Toronto Maple Leafs Set For Clash Against Rangers on The Way to The Cup

Graeme BoyceCorrespondent IOctober 12, 2009

TORONTO - OCTOBER 10:  Jason Blake #55 of the Toronto Maple Leafs is taken into the boards by Brooks Orpik #44 of the Pittsburgh Penguins during a NHL game at the Air Canada Centre on October 10, 2009 in Toronto, Ontario, Canada .  (Photo by Abelimages/Getty Images)

Like a heavyweight pugilist, the Toronto Maple Leafs have truly slumbered out of the gates.  The team have certainly taken some solid shots in the opening moments of the season, and look to be gasping early.  The team's highest paid and highly touted players need to provide some inspiration and enjoy an excellent opportunity against the New York Rangers to provide a array of passes, hits and goals.

With respect to the highly touted players, Colton Orr will definitely by stepping up to the plate against the Rangers, surely to tangle with Donald Brashear, whose own fourth line services were rendered obsolete by his former employer when physical enforcers were deemed redundant and not needed to protect the Washington Capitals scoring talent this season. Their tilt, hopefully several, will be exciting.

At this point in the season, both Orr and Brian Burke need to prove a point.  Notwithstanding some interesting trade talk involving Atlanta and Toronto, Burke is crafting a tough team.  Let's not forget, Burke is a highly priced piece of talent, and he's added a lot of overhead in the front office, which was dutifully passed on to the fans with a boost in ticket prices.  Orr is tough, and so is young Jay Rosehill. 

The latter, however, is not simply a tough guy, he's one of the team's leading scorers.

In the spirit of providing high quality entertainment for fans, especially those left out in the cold during home games, the team's management also spared no expense and delivered a new and very large outdoor screen a month ago.  In the wake of this activity, as well as extensions renovations, the product on the ice was supposed to be in first place, not last at this point in the season.

Against their Original Six opposition, the Maple Leafs coaching staff will continue their goaltending experiment, of trying to prod Vesa Toskala to greatness prior to trading him.  With the untimely groin injury to budding superstar Jonas Gustavsson, it sounds like Joey MacDonald will handle the duties between the pipes.  The team's next opponent is Colorado -- an Avalanche reserved for Top-5 Toskala.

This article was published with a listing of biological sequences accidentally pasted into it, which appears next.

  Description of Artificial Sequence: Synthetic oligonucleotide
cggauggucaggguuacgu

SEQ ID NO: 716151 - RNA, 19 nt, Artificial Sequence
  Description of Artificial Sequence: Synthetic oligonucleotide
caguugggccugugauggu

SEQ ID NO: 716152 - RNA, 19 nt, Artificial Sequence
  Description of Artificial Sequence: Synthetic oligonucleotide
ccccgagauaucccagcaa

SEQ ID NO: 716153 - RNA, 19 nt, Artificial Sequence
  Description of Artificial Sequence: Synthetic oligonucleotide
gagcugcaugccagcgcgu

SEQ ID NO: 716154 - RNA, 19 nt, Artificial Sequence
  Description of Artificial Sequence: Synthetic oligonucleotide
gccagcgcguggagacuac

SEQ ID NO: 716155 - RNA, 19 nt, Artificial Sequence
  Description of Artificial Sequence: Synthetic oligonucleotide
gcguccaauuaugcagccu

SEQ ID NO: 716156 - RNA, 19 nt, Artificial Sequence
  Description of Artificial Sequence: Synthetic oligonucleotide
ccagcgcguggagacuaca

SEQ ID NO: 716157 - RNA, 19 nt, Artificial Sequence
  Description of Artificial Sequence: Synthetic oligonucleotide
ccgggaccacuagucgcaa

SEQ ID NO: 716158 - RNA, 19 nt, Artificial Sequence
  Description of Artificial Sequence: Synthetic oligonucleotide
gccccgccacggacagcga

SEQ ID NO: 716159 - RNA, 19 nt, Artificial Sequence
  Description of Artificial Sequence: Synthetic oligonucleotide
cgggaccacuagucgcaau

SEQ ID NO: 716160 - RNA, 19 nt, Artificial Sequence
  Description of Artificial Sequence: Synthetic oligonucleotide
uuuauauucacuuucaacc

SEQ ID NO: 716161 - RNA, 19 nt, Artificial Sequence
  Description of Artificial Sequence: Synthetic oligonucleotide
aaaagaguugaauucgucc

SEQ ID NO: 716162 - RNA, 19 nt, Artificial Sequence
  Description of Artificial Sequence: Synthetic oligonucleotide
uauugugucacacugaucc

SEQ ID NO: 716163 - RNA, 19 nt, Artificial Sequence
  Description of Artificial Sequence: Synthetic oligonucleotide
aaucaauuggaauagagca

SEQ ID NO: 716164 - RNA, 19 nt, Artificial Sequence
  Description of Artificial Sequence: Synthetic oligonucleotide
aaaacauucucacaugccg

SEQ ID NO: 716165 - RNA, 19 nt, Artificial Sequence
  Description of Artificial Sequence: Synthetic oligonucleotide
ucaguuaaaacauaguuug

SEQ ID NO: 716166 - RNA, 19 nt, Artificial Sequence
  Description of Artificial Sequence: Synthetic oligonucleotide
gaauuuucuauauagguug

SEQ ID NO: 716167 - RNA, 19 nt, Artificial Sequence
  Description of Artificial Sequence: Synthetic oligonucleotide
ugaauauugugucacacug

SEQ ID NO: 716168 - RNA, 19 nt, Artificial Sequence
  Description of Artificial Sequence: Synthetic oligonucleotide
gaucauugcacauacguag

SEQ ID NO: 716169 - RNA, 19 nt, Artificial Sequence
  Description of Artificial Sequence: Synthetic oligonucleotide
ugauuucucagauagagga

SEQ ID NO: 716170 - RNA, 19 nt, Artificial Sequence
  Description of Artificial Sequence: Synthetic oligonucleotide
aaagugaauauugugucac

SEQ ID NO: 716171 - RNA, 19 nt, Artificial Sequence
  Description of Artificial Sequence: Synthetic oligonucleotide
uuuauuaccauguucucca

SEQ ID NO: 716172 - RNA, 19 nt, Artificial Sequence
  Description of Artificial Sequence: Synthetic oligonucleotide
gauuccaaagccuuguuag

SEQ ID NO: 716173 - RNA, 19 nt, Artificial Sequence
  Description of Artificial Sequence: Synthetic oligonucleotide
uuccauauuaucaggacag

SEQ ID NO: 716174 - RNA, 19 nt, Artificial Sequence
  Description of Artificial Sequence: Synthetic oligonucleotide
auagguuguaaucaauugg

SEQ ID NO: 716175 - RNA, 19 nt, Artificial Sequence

So, the sleeping giant that is the Toronto Maple Leafs have had their bell rung and fans are demanding a much better performance heading into these upcoming rounds.  Yes, the defense corps are struggling, the offense (which was Top Ten last season) is leading the sleep session, and enough has been said about Toskala.

Perhaps Jason Blake, who is paid too much, and Tomas Kaberle, who is not paid enough, a week ago would've made a decent package in exchange for 300+ goal scorer Ilya Kovalchuk.  Blake has yet to find the back of the net, but neither has Jamal Mayers, who somehow seems to have impressed Coach Wilson lately and received plenty of ice time against the Caps, or John Mitchell.

Speaking of underachievers destined to see time with the Marlies soon without signs of encouraging improvement, the list would include Mikhail Grabovski, Nikolai Kulemin and Rickard Wallin.  Kulemin will be given a chance; he does have a pretty good shot and occasionally has been offering some grit in the corners recently.

The invisible not invincible blue line deserves some exposure.  Goals on the powerplay would help, and not goals against. On-air announcers have been practising "Kaberle to Beachemin... scores" for a couple a weeks, to no avail, except once in pre-season.

Yet it would seem Francois Beauchemin is starting to gel, finally.  Sounds funny to say he needs to improve, playing on a last-place Leafs team.  Ian White is, without question, the team's steadiest d-man, while Luke Schenn has blundered awkwardly.  The award for most confusing player is won by Mike Komisarek.  Against Montreal, he was on fire.  That flame, that obviously got doused, needs to be re-ignited.  Now.

So, who in the dressing room is providing the inspiration, which would follow in the wake of a thunderous hit, a game-winning goal or a Palmateer-like save, and ultimately provide a win, a first win of the season, for the team, enabling them to see the light, to finally turn the corner and stay swinging until the end?  Wayne Primeau?  Matt Stajan?  Phil Kessel?  Methinks a new addition is forthcoming.

It's at this point in the season, with just a few games under their belts, that the new Maple Leafs captain is decided.  He needs to accept the responsibiulity of leading the team on the ice and off the ice.  He has a duty.  He needs to start fighting, in the corners, along the boards and in front of the net.  He needs to prove himself, and prove to the fans why he is paid the big bucks after all.

Maybe Manitoba's 245-pounder Dustin Penner, currently toiling in Edmonton, might make the difference.  On the bright side for Burke, in a few weeks, there'll be other players on the block.  In the meantime, several Maple Leafs need to display mad skills and NHL calibre performances.  Or else, speaking of Edmonton, Craig MacTavish might prompt some coaching changes in Toronto.  Of course, not before the Olympics.